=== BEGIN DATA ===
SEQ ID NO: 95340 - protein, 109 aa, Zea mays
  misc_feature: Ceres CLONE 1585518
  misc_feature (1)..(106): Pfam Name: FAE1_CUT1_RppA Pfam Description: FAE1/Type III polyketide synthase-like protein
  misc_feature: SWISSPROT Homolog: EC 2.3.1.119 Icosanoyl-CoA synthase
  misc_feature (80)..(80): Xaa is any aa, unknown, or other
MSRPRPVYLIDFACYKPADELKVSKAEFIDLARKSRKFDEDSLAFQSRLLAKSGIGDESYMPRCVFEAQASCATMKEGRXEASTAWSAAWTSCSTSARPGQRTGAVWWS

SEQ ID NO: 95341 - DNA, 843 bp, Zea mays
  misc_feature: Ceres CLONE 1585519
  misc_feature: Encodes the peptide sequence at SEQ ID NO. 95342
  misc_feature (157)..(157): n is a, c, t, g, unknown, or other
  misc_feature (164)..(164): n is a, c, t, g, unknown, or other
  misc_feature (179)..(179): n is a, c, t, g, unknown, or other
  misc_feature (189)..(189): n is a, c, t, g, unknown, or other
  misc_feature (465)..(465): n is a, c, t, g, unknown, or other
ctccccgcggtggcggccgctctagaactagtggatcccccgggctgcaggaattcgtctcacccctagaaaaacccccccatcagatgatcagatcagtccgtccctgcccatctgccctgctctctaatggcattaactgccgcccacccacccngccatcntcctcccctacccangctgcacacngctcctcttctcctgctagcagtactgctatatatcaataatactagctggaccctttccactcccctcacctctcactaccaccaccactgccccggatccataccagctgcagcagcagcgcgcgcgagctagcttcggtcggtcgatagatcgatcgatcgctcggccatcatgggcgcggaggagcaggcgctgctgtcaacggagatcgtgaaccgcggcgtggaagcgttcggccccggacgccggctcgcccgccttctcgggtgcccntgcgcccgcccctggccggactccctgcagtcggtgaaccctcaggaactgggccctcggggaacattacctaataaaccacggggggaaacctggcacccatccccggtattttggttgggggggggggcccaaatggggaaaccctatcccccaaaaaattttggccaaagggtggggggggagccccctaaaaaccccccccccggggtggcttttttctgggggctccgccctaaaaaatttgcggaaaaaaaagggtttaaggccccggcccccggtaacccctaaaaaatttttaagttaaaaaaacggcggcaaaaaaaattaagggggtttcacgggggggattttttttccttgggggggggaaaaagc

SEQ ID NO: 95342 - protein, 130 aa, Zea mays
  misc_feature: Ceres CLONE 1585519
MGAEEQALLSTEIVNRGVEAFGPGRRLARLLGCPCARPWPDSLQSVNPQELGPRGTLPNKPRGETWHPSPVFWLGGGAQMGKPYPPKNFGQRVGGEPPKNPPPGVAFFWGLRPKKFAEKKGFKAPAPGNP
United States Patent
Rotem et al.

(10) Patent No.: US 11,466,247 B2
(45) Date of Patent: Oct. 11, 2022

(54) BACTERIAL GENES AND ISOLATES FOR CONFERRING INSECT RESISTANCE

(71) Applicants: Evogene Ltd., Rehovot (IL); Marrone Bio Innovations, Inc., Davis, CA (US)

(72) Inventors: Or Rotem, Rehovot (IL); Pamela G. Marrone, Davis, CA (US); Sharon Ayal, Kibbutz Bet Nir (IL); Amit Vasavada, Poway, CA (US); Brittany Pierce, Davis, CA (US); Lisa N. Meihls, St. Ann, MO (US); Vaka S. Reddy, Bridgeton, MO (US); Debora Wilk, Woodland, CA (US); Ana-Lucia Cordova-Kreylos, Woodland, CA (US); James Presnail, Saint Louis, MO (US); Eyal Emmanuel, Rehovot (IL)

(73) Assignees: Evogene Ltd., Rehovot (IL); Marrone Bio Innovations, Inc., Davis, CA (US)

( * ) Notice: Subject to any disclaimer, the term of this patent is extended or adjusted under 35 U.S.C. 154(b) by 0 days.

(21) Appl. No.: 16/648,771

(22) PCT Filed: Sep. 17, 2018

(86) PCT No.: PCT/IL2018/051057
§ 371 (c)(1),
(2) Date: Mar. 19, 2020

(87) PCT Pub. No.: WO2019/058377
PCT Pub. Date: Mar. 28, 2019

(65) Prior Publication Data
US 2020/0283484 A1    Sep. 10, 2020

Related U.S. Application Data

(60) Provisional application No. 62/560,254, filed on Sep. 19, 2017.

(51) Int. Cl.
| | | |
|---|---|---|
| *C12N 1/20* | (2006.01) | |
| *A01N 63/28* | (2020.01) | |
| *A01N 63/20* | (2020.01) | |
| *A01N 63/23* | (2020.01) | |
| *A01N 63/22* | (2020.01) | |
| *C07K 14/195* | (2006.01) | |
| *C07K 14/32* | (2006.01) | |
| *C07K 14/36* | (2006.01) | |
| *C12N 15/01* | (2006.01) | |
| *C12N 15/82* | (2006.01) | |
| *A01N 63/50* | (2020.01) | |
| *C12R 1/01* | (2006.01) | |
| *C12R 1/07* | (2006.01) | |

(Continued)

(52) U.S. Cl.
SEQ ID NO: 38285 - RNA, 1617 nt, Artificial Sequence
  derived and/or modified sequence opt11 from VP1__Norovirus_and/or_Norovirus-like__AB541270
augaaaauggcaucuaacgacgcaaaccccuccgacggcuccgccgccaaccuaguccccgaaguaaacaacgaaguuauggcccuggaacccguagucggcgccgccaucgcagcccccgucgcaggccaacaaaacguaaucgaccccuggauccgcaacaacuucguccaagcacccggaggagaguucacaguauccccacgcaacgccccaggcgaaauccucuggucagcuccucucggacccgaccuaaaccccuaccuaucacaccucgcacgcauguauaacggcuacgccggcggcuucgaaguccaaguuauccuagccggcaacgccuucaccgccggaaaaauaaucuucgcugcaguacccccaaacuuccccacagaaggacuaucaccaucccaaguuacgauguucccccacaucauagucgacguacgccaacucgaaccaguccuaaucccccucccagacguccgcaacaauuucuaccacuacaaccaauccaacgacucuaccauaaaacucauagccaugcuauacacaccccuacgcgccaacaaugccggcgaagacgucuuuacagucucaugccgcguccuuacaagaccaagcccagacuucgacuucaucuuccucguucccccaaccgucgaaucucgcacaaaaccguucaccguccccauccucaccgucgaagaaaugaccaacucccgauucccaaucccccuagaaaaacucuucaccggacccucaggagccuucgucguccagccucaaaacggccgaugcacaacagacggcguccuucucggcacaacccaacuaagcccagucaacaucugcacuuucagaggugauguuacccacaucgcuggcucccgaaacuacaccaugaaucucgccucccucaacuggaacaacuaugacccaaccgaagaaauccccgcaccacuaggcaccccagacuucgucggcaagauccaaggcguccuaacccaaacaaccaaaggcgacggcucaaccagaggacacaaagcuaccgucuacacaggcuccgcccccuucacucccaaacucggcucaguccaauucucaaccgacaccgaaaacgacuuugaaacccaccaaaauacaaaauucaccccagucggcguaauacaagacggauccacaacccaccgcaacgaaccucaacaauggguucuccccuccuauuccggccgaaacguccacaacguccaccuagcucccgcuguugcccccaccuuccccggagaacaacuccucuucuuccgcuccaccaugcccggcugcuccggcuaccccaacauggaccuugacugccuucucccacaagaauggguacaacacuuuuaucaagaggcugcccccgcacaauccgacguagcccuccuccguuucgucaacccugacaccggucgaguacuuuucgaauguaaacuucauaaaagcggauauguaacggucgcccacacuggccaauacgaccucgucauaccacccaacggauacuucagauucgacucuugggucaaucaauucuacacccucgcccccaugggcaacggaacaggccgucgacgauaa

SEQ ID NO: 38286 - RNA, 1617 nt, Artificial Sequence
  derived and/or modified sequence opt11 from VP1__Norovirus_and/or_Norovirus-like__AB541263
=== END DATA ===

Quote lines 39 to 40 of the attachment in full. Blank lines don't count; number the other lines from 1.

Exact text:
(51) Int. Cl.
| | | |